J: I bet he’s disappointed that the ghosts have been so inefficient thus far. Also, is he the one that brought up the “Seven ghosts: Three women and four men, and seven guests: Three women and four men” parallel earlier? What am I saying, of course he is. I think Mr. W.P.’s a tiny bit OCD. (Hey, I’m a poet and I wasn’t aware!)

C: Then Mr. Loren brings up the fact that it’s sort of physically impossible for Annabelle to have hung herself, since there was nothing there for her to climb up on. His conclusion: “She was murdered. By one of YOU.” (No, he doesn’t point directly into the camera to implicate the audience, but that would’ve been awesome.) Then we get a shot of everyone in the room looking smug and incredulous, like, “Freaky little mustache guy say WHAT?” Then the doctor says, “Or YOU, Mr. Loren,” which is what absolutely everyone was thinking.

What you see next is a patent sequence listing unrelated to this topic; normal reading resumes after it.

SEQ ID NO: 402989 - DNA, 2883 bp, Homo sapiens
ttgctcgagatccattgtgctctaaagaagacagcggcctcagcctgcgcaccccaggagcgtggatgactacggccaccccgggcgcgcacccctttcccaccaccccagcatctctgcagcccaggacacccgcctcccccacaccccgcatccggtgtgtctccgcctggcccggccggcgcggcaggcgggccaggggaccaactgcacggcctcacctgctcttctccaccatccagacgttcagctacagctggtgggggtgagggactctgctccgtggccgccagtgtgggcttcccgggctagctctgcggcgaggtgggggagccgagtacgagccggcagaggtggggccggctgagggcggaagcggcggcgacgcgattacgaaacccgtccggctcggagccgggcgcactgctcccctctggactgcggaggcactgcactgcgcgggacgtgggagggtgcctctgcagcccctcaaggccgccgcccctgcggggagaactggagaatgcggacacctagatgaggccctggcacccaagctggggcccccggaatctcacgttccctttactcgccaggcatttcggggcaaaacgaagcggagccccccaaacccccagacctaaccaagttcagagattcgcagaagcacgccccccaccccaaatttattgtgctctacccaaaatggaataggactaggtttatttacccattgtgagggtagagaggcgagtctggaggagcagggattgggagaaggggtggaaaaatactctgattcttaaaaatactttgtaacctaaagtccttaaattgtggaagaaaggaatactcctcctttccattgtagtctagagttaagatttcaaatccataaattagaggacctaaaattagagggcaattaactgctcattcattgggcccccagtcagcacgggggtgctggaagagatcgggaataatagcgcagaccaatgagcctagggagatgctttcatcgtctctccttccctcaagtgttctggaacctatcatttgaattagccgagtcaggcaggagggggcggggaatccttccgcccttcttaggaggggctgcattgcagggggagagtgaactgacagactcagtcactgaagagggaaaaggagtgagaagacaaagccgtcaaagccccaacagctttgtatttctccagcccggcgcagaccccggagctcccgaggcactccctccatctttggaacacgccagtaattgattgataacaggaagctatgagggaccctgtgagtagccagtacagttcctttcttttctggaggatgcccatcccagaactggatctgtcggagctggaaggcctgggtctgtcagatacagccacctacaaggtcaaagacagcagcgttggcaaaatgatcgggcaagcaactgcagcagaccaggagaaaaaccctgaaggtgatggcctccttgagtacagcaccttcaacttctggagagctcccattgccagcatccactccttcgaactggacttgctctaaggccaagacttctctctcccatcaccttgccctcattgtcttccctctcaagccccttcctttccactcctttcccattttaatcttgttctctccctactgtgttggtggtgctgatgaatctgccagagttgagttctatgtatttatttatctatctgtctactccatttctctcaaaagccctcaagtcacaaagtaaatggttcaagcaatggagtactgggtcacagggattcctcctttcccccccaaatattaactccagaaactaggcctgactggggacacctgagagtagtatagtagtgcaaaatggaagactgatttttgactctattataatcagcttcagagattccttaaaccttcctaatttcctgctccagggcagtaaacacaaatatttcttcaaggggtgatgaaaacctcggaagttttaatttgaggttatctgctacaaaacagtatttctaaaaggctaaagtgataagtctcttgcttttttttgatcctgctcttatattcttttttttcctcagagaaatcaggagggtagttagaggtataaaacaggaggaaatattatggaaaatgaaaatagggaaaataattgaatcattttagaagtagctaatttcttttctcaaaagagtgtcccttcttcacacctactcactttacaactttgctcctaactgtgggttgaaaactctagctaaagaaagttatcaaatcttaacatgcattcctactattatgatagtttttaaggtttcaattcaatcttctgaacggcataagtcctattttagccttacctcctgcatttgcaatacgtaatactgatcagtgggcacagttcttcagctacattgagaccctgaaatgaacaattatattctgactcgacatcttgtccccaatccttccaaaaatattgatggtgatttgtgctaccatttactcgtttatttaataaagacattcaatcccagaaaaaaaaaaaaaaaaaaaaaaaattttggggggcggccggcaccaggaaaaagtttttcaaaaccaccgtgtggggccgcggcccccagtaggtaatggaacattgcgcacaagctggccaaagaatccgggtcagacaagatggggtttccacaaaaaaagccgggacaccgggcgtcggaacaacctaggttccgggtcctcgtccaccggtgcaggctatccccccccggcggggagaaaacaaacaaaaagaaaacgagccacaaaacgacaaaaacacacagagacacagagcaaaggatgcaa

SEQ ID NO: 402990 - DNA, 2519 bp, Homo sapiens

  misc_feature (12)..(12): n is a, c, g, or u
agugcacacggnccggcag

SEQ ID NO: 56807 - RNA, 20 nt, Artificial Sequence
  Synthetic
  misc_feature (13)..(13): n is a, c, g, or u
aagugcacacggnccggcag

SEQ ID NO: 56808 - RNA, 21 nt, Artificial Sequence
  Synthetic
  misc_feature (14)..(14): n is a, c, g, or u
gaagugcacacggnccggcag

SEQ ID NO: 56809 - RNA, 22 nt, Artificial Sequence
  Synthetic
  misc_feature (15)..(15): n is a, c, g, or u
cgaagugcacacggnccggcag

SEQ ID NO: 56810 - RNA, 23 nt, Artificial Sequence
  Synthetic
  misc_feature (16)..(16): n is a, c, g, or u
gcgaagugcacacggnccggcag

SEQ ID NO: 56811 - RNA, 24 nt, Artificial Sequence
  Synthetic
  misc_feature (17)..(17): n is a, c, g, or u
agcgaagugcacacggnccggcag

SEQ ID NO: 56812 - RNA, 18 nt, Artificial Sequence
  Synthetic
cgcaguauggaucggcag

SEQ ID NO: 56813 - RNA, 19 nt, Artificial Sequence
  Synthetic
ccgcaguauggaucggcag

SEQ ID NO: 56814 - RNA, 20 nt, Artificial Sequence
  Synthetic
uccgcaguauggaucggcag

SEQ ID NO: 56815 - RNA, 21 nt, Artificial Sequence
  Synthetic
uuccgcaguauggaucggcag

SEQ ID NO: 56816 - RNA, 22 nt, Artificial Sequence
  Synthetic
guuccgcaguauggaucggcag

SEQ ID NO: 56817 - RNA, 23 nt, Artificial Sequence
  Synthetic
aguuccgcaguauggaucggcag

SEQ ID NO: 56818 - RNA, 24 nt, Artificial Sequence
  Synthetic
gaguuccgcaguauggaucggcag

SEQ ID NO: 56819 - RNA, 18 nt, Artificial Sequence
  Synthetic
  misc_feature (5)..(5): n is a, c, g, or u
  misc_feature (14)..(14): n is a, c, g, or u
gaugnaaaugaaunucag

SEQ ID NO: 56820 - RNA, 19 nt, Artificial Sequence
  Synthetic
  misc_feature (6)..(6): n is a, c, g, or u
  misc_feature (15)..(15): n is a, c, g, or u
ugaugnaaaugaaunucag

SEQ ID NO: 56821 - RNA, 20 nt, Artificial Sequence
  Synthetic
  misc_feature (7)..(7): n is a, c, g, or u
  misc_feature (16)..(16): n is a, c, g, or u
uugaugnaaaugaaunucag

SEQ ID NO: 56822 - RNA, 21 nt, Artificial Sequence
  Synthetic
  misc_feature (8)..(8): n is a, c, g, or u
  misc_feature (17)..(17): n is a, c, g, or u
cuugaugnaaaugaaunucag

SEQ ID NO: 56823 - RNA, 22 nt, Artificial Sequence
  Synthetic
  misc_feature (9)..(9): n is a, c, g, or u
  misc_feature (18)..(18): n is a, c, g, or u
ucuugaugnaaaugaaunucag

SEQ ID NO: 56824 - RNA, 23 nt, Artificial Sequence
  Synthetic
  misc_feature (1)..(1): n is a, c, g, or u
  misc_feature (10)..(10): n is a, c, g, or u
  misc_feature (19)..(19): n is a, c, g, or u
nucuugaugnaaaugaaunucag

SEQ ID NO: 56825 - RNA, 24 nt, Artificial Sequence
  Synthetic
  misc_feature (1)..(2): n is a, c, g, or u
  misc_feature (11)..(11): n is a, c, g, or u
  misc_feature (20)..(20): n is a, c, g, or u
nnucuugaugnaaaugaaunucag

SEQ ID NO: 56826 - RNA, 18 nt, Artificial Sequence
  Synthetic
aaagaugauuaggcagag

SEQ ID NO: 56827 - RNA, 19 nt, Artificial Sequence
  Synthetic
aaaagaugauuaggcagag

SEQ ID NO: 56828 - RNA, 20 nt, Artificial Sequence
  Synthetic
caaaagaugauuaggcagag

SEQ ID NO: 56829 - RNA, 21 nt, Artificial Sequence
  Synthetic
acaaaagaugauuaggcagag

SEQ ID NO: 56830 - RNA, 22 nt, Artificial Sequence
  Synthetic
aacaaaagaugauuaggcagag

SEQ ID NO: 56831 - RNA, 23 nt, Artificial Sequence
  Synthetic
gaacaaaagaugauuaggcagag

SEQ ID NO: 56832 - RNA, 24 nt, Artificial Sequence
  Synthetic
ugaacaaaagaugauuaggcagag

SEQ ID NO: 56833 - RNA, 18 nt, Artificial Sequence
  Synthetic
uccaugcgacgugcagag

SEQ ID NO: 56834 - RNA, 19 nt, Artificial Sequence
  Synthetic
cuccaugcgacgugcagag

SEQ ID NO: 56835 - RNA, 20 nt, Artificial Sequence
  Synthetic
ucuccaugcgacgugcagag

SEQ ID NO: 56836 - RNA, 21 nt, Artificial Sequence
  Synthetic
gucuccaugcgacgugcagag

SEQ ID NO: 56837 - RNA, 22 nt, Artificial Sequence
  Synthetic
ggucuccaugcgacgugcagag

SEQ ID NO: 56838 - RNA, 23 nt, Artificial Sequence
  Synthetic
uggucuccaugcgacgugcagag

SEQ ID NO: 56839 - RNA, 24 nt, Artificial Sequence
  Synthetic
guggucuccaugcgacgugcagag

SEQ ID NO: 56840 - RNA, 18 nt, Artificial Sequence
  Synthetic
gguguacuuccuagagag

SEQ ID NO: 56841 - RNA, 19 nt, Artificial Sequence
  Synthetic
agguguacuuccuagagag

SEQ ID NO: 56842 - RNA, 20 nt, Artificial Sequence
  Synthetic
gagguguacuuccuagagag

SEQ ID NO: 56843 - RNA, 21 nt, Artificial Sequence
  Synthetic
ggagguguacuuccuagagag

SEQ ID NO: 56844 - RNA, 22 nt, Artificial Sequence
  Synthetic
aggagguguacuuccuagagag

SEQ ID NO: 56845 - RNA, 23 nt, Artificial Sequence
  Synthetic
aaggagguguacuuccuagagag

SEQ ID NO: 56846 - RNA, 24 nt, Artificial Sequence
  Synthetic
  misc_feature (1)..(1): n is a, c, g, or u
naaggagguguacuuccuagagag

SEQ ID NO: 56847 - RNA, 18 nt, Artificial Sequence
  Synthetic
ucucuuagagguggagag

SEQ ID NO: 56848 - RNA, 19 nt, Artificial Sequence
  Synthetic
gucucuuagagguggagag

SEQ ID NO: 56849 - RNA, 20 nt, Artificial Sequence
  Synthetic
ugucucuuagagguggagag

Lance points out that one needs a motive for murder, and that nobody knew Annabelle before the party except for Mr. Loren.

J: I scoff at his non-logic. I guess Lance has never heard of pretending to not know somebody. He must not have any siblings. (BA-BING!!)

C: Mr. Loren’s reply? “What husband hasn’t, at some time, wanted to kill his wife?” Oh, well, that’s cheery. Then he goes on about how every husband has had a million opportunities to kill his wife without being discovered, and that if he was going to do it he wouldn’t be so sloppy about it as to hang her. He’s not so much insulted that they think he murdered his wife, but really, hanging? It’s just so gauche.

J: That’s Vincent Price in a nutshell. In his films he’ll lie, steal, cheat, murder — but he will do it with flair. Just watch his Dr. Phibes movies. Yowza.